Scientists are developing a blood test to detect lung cancer, one of the most common and deadly cancers in the world. The test, which looks for certain proteins in the blood, is designed to find tumors at their earliest, most treatable stage.
According to the World Health Organization, lung cancer is the leading cause of cancer death worldwide, claiming an estimated 1.5 million lives each year. The disease is caused mainly by cigarette smoking. Early detection followed by prompt treatment is essential to surviving this deadly, fast-growing cancer.
Researchers at the Fred Hutchinson Cancer Research Center in the northwestern U.S city of Seattle, Washington, report they have developed a new blood test for lung cancer proteins. Those proteins are produced by tumor tissue early in the development of lung cancer and can be detected in plasma, a blood component that’s rich in proteins.
The scientists say the cancer test is so sensitive, it can detect the presence of markers or signatures that suggest tumor activity before they can be seen by advanced imaging devices such as a CT scan, which can spot tumors only a few millimeters across.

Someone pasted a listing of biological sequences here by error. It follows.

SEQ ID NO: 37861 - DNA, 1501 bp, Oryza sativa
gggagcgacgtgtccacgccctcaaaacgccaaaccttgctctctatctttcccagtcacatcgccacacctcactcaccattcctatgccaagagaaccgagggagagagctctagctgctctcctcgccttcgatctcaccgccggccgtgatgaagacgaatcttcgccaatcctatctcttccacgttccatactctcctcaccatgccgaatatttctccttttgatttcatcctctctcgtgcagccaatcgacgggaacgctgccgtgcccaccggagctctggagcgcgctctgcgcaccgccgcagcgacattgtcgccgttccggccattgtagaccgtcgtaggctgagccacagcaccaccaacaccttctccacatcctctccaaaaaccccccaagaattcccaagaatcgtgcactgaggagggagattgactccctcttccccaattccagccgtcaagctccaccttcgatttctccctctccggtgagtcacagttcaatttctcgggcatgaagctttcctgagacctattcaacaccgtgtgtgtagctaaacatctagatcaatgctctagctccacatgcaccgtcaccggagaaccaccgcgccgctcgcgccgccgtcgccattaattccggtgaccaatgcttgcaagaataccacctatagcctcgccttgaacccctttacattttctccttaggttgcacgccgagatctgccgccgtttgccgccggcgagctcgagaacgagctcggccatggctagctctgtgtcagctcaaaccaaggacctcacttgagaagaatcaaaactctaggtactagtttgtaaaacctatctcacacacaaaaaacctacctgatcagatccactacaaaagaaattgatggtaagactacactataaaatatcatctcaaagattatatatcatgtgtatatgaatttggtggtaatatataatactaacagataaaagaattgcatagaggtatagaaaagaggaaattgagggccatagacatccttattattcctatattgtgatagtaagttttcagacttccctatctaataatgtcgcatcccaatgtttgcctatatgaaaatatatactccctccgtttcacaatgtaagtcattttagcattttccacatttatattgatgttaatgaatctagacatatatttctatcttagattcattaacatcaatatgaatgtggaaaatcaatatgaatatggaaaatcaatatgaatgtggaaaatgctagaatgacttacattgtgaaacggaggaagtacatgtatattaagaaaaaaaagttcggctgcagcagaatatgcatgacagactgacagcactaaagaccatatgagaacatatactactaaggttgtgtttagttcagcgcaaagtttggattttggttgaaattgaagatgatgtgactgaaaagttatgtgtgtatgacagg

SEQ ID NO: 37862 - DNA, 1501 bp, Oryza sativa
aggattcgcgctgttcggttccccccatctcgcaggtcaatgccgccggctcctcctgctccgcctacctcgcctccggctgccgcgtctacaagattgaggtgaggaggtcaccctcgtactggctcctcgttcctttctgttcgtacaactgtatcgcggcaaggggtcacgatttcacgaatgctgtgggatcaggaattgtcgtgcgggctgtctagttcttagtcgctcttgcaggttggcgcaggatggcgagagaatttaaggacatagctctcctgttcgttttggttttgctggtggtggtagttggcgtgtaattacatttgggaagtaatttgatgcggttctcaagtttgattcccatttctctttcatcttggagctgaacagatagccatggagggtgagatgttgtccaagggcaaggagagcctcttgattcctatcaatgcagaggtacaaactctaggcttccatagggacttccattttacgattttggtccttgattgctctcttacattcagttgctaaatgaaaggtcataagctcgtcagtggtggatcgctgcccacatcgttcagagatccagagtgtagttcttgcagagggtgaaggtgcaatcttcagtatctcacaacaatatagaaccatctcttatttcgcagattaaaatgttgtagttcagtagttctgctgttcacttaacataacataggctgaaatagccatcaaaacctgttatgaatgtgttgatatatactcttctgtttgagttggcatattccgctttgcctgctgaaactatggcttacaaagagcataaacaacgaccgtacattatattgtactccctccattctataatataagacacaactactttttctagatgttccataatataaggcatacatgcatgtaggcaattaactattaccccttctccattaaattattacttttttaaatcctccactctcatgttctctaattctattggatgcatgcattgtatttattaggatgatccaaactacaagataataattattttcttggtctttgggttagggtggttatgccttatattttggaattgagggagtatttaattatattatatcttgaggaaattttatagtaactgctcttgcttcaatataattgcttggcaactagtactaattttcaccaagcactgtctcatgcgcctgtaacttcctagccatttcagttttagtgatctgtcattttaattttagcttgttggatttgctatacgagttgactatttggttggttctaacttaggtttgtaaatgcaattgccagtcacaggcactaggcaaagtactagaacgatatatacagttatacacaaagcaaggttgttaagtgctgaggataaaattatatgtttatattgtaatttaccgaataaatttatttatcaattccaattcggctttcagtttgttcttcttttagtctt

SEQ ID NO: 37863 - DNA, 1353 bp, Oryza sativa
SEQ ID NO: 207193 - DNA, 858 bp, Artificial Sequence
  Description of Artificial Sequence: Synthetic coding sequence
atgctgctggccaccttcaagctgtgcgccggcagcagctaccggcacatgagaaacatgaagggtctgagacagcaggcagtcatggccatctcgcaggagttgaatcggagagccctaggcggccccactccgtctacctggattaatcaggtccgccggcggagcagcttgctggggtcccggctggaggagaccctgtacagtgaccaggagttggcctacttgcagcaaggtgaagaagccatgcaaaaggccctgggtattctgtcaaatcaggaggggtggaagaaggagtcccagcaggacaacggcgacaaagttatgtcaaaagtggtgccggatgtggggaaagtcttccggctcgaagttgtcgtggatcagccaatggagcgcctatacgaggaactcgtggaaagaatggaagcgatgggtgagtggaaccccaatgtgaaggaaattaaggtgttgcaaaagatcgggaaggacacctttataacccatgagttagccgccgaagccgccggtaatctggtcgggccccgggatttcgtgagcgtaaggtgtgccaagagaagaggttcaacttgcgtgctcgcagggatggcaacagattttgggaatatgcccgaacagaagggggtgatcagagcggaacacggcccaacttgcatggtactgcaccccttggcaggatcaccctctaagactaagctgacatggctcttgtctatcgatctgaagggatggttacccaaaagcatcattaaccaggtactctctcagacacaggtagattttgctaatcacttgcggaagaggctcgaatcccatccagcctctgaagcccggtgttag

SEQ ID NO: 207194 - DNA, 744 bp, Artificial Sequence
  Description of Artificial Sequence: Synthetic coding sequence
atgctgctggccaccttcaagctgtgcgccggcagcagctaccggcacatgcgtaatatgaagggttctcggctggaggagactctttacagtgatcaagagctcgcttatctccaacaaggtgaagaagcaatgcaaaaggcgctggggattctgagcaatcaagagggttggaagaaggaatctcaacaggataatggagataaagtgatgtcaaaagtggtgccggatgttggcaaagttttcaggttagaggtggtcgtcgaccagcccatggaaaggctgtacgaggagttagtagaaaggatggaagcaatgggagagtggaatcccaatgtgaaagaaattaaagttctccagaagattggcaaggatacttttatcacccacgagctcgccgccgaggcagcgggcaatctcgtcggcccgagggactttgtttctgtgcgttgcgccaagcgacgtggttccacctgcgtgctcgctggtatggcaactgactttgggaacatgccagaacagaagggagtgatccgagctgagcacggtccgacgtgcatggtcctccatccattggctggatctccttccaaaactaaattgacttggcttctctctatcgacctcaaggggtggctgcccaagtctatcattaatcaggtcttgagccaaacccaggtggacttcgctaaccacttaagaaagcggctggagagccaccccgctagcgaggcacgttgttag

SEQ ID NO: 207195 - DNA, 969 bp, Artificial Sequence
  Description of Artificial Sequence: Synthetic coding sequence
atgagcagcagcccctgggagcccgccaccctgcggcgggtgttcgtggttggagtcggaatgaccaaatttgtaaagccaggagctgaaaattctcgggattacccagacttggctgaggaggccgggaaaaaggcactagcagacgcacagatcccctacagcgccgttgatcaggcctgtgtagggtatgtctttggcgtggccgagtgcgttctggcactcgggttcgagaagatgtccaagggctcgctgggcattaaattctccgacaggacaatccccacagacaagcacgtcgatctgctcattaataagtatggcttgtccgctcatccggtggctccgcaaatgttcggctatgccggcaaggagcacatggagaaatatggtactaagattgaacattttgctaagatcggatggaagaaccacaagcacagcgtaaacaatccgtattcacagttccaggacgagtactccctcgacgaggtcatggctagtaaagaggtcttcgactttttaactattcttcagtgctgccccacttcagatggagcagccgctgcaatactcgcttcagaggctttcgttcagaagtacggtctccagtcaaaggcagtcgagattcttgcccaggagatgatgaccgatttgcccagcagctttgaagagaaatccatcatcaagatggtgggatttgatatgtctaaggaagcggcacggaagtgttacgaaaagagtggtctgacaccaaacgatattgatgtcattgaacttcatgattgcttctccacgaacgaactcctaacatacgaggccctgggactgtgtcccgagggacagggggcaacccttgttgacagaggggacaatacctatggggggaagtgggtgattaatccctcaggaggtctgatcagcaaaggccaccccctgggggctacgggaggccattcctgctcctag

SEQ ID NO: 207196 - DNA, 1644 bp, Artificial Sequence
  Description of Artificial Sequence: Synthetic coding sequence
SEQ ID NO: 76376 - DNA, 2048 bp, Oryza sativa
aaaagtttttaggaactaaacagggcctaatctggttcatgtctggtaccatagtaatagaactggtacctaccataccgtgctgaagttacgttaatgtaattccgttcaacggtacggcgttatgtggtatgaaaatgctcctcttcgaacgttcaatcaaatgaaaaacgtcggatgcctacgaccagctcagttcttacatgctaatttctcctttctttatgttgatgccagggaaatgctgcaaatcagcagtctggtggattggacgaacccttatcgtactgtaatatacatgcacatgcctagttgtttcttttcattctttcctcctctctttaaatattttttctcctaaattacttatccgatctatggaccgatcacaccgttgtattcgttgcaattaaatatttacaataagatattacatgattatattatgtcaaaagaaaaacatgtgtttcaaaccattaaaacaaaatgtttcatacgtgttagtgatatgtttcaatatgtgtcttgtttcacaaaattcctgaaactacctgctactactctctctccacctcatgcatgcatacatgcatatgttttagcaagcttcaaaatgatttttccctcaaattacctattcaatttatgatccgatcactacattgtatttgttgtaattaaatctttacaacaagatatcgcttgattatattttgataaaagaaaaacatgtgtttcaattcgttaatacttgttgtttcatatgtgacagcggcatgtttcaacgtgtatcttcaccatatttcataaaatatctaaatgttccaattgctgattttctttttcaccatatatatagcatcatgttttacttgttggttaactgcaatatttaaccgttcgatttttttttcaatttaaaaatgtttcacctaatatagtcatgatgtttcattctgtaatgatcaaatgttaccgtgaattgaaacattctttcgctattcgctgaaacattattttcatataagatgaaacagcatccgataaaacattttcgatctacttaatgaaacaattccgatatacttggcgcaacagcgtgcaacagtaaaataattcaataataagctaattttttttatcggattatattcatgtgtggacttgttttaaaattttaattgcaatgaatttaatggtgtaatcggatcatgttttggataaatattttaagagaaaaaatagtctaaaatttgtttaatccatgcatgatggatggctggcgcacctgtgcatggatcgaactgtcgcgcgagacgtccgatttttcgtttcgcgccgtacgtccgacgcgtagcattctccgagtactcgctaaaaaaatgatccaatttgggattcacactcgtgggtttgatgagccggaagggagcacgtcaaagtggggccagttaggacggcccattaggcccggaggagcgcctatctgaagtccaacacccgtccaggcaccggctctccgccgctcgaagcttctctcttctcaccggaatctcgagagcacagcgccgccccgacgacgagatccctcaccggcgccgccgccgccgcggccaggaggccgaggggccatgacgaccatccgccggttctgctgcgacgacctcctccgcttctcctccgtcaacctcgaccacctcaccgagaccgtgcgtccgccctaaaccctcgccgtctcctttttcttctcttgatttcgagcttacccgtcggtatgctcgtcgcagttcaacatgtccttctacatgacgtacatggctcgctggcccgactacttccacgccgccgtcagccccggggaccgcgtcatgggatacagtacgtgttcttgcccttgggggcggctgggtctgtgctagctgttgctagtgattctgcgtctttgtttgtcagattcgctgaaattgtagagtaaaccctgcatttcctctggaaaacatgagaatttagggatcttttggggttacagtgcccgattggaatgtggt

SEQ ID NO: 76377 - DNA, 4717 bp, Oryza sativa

According to Sam Hanash, a scientist at Fred Hutchinson. and a lead researcher on the lung cancer blood test, using CT scans to detect tiny tumors can save the lives of patients at risk of lung cancer. But he says CT screening has a down-side: a high percentage of its images reveal nodules that appear as potentially malignant tumors.
“...That necessitate surgery, that turns out to be benign and a lot of other potential complications. So there’s a need for a blood test so that we can make CT scans more reliable,” Hanash said.
Hanash says the lung cancer blood test looks for protein signatures of the disease similar to the way other cancer blood tests work, including the CA 125 test for ovarian cancer and the prostate specific antigen, or PSA, test for prostate cancer.
In initial experiments with mice, Hanash and his colleagues discovered protein markers by switching on genes that gave the animals lung cancer, and then switching off the cancer-causing genes.
Hanash says scientists next looked to see whether they could find the same cancer protein signatures in human lung cancer cells.
“And the answer was “Yes!” So that was pretty satisfying that in fact we’re not dealing with a curiosity type of finding that only mice seem to display, but we are dealing with a real feature of cancer cells whether mice-derived or human-derived,” Hanash said.
Hanash says researchers detected protein biomarkers unique to a number of different lung tumors, as well as some of the molecular networks of genes that drive tumor development.
He says the next step is to develop a test that doctors can use with patients at risk for lung cancer, probably in about two years.
An article describing the development of a new diagnostic test for lung cancer protein signatures is published in the journal, Cancer Cell.